Dr. Bella Vivat, PhD, Senior Research Associate in the Marie Curie Palliative Care Research Department at University College London, UK, and Co-Lead of the Implementation Subgroup of the EAPC Spiritual Care Taskforce
My main research interest since I conducted an ethnographic study exploring spiritual aspects of care in a Scottish hospice for my PhD has been spiritual care and spiritual wellbeing in palliative care. I am increasingly engaged by the interweaving and overlapping challenges that this field presents for both research and practice.
One particularly interesting issue is that little is known about care providers’ understandings of spiritual care, nor about how they implement guidelines for spiritual care in practice. As co-lead of the implementation subgroup of the EAPC Spiritual Care Taskforce (SCTF), together with M. Teresa Garcia-Baquero Merino, and with help from Teresa Young, I therefore developed a survey to explore how palliative care professionals currently understand spiritual care.
The survey went live on the EAPC website in April 2016. When it closed a month later it had been completed by 527 people – a truly fantastic response! We are extremely grateful to everyone who completed the survey for their time, and in-depth engagement with the questions.
I presented initial findings on the sociodemographic characteristics of the respondents at the Open Meeting of the SCTF at the EAPC World Research Congress in Dublin in June 2016. Participants were 68% female, and 65% engaged in personal religious or spiritual practice. They worked across the world, from Northern Europe (42%), to Africa (1%) and Central and South America (3%). That presentation is now available to view on the SCTF website.
The comments and information provided are rich, detailed and fascinating, and we are looking forward to beginning an in-depth qualitative analysis soon. Once we have completed that content analysis, we will test hypothesised relationships between the sociodemographic characteristics of the participants and the examples of spiritual care they provide. For example, we will be looking at whether the examples given by older participants are more religiously oriented than those given by younger participants.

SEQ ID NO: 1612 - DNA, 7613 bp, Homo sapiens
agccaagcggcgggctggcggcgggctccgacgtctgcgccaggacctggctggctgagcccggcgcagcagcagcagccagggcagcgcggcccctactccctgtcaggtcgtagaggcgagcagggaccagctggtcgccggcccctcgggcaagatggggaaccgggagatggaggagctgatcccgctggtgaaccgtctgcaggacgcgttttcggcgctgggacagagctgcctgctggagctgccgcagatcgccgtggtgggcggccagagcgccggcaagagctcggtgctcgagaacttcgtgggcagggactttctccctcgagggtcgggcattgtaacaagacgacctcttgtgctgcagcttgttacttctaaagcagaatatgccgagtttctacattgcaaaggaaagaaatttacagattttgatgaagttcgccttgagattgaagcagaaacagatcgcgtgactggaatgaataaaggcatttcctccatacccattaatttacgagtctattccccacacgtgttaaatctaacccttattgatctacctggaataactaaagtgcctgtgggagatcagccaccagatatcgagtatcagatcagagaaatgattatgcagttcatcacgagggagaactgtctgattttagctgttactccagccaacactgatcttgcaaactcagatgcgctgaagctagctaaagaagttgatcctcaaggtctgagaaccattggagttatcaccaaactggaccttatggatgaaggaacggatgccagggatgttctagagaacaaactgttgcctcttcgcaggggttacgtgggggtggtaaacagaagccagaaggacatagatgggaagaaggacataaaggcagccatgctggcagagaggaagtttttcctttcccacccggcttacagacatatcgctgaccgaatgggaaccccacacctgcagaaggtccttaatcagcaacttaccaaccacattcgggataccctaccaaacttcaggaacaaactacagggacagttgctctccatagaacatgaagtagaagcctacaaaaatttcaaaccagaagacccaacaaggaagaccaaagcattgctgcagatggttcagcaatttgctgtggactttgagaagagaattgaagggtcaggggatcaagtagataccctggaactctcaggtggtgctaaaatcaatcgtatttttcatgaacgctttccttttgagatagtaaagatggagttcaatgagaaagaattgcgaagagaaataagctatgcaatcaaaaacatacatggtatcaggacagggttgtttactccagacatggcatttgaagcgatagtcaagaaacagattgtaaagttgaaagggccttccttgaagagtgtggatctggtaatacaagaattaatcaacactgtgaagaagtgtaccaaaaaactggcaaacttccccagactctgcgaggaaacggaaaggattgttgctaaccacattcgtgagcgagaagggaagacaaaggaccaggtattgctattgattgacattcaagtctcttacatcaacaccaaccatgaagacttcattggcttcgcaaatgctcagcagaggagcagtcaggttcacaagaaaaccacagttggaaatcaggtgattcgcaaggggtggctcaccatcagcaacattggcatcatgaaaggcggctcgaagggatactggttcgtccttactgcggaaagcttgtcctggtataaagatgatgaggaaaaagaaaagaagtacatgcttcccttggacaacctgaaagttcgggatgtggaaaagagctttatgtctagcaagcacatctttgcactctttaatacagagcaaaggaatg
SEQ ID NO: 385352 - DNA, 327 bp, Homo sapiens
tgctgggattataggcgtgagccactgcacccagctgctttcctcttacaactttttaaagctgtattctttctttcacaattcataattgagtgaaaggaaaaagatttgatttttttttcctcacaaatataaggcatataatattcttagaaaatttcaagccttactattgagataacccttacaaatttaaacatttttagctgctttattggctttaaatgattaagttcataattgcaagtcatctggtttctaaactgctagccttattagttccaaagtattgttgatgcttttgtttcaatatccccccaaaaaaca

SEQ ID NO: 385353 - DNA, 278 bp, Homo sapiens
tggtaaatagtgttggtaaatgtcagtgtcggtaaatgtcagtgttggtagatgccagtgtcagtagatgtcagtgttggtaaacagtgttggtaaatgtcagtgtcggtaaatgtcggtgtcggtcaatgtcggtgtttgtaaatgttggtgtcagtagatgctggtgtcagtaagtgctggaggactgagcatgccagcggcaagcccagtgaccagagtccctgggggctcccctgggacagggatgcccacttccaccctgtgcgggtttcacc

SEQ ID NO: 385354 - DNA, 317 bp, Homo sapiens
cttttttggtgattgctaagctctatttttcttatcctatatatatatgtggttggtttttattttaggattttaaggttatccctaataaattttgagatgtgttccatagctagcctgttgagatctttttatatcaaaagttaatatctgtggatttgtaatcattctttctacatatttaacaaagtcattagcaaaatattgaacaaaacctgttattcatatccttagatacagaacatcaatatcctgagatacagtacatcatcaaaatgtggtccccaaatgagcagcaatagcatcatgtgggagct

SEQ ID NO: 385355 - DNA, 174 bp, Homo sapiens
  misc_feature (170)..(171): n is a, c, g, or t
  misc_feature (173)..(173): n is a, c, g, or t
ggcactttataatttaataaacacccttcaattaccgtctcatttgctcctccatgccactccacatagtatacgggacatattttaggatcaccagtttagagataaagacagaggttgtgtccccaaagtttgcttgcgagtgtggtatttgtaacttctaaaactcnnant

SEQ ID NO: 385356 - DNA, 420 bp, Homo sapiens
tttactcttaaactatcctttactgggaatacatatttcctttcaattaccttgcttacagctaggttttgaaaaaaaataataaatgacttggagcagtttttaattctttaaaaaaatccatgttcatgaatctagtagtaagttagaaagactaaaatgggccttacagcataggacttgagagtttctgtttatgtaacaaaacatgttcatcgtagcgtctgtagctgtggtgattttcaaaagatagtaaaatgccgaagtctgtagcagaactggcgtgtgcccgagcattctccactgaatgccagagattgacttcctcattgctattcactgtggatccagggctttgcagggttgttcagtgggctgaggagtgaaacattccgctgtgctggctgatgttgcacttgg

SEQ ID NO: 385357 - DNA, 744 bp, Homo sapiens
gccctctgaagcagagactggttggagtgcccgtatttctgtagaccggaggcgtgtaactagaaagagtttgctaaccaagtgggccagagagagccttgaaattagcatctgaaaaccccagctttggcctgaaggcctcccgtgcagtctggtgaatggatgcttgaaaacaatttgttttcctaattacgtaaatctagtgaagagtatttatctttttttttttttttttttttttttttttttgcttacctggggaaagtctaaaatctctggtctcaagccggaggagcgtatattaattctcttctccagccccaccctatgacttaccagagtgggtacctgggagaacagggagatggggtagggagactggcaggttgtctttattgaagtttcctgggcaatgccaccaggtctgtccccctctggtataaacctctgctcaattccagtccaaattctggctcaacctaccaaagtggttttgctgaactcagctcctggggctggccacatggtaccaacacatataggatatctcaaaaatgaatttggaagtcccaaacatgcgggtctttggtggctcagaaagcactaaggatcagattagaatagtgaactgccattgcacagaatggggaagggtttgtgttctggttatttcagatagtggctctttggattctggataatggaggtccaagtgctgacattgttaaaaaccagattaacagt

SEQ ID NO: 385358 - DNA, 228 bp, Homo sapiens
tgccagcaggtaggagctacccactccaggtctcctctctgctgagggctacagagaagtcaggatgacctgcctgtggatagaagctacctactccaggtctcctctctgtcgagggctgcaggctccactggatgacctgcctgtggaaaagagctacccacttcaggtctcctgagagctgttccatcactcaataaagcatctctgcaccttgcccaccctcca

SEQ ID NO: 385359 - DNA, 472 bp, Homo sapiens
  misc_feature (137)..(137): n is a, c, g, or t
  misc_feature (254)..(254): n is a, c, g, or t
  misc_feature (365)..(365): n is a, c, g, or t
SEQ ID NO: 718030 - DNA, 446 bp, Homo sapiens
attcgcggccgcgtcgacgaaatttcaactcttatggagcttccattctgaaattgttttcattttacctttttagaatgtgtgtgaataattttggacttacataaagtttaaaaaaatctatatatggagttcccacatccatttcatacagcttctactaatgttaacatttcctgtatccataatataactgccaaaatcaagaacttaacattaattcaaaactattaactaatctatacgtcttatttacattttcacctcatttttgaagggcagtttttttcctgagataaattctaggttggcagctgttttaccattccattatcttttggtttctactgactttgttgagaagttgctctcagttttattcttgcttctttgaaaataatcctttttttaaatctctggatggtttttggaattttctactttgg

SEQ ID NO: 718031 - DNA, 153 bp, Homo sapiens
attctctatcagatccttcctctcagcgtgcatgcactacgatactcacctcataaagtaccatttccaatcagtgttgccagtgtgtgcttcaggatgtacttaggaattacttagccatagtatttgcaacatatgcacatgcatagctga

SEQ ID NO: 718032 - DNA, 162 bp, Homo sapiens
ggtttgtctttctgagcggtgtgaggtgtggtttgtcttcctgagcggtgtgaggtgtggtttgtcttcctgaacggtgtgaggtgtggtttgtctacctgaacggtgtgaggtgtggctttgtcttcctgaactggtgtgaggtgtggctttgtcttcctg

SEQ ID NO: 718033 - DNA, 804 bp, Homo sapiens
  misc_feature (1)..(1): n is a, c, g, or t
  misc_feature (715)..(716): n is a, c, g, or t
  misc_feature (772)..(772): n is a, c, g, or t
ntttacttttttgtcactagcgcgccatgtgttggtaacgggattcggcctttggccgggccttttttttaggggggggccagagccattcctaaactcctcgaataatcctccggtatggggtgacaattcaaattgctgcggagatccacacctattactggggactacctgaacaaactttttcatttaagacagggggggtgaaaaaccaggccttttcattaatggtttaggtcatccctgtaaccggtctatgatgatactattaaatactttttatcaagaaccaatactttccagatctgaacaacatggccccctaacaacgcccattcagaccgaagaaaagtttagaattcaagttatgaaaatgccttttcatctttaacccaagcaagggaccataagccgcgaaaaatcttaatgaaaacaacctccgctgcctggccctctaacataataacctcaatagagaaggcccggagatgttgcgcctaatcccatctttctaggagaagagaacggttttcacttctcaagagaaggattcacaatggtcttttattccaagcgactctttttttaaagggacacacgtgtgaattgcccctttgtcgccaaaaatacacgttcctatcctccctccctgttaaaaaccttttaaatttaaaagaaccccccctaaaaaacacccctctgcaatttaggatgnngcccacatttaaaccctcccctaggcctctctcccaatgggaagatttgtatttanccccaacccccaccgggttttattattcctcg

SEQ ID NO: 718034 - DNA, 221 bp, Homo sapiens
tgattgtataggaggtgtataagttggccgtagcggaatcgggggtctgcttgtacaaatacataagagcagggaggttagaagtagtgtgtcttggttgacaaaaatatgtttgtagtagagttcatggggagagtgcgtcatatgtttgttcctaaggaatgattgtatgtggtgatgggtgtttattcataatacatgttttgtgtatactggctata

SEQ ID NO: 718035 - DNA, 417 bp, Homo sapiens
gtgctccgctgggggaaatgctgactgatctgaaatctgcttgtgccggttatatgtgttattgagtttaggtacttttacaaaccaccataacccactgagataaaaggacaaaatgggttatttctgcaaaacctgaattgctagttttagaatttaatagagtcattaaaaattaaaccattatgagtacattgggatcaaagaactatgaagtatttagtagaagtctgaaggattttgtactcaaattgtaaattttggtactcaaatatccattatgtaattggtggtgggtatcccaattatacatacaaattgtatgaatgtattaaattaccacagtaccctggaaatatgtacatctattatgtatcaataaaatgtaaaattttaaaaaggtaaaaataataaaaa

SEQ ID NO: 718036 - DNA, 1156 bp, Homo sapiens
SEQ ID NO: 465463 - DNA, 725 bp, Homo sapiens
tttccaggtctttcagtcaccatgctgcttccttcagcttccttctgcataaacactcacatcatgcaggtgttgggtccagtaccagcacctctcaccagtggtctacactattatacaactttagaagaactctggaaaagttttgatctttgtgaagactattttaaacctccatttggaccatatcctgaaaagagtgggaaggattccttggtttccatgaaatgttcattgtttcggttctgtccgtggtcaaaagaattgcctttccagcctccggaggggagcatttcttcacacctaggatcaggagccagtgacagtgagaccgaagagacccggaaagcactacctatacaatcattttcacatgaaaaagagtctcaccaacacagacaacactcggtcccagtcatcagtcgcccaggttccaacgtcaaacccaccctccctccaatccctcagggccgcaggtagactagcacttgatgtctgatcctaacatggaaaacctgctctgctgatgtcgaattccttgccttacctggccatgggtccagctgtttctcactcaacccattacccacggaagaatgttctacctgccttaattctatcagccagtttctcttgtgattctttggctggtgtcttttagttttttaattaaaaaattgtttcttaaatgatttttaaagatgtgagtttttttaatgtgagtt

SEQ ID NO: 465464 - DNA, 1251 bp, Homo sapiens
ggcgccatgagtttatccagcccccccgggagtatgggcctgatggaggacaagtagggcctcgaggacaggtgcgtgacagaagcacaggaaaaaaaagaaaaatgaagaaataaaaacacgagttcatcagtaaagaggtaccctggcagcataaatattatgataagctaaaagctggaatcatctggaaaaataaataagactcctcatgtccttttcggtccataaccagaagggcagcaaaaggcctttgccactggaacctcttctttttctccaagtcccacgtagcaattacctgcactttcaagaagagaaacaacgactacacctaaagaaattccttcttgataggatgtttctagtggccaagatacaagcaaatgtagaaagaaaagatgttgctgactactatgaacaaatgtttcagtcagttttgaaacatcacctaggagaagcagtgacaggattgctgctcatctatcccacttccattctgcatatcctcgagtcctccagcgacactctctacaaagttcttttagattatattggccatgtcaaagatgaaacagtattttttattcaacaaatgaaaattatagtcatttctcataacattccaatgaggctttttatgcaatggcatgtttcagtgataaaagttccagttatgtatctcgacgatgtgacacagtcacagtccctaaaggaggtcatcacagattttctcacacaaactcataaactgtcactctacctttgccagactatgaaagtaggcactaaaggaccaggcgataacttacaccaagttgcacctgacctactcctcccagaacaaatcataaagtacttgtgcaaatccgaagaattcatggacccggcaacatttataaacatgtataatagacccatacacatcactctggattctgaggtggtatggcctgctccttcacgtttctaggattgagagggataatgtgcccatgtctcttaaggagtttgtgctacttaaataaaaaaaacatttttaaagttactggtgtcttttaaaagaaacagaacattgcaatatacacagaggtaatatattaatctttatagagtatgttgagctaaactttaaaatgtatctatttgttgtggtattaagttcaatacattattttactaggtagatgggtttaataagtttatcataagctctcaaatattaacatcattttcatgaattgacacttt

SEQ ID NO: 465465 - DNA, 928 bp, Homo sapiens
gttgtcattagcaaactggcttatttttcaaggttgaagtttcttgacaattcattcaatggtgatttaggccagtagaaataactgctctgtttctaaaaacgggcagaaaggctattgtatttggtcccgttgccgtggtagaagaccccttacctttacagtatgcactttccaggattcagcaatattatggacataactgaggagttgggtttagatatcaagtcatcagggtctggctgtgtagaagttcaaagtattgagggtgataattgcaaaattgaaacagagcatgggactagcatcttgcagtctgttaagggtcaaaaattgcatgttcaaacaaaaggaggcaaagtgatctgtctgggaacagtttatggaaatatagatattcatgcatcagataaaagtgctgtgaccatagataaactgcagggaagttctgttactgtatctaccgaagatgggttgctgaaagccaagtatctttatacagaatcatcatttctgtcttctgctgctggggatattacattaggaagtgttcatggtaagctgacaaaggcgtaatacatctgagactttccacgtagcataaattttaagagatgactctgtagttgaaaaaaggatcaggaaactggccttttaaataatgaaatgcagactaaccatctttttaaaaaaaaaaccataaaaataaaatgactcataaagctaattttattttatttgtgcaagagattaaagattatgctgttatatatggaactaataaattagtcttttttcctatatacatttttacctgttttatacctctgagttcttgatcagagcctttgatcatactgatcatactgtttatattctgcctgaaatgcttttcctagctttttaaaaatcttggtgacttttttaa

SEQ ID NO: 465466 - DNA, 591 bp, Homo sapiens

We would value suggestions for other hypotheses about relationships between participants’ sociodemographic characteristics and the responses they provide, which we could also test. Please do email me if you have any hypotheses to suggest.
EORTC measure of spiritual wellbeing
I am also presently co-Principal Investigator (jointly with Teresa Young) on an international project developing and validating a measure of spiritual wellbeing for people receiving palliative care for cancer: the EORTC QLQ-SWB32.1;2 We recently completed initial analysis of the validation study and hope to publish soon.
The validated EORTC QLQ-SWB32 is a means for assessing outcomes from interventions intended to address spiritual issues. A tool like this, also, unavoidably, offers a way to “open the door”, or begin interventions, or conversations relating to spirituality or spiritual wellbeing, with people receiving palliative care, who often wish to discuss such matters with their care providers.3 However, some clinicians find that initiating such discussions is challenging.4 The EORTC QLQ-SWB32 enables respondents to reflect on the issues it presents, and then indicate those which are most important for them. This is then a starting point for care providers to engage in relevant discussion.
We are beginning studies with colleagues in Norway, Denmark, and the UK, to explore using the EORTC QLQ-SWB32 in clinical practice.
We are always open to new ideas and suggestions for collaborations; please just email me if you have any ideas for research and/or clinical projects using our tool.
- Vivat B, Young T, Efficace F et al. (2012). Cross-cultural development of the EORTC QLQ-SWB36: A stand-alone measure of spiritual wellbeing for palliative care patients with cancer. Palliative Medicine, 27: 457-69.
- Vivat B, Young T, Winstanley J et al. (2014). Cross-cultural development of a spiritual wellbeing measure for cancer patients receiving palliative care. Abstract selected for plenary presentation, 8thResearch Congress of the European Association for Palliative Care (EAPC), Lleida, Spain, June 2014.
- Best M, Butow P, Olver I (2015).Do patients want doctors to talk about spirituality? A systematic literature review. Patient Education and Counseling, 98: 1320–8.
- Kristeller JL, Sumbrun CS, Schilling RF (1999). ‘I would if I could’: how oncologists and oncology nurses address spiritual distress in cancer patients. Psycho-oncology, 8(5): 451-8.
- EORTC Quality of Life Group page on EORTC QLQ-SWB32.
- EAPC Spiritual Care Task Force page.
- Bella Vivat on Google Scholar. (Includes presentations of discussions held during the course of developing the new measure).
- Read more posts on spiritual care in palliative care on the EAPC Blog.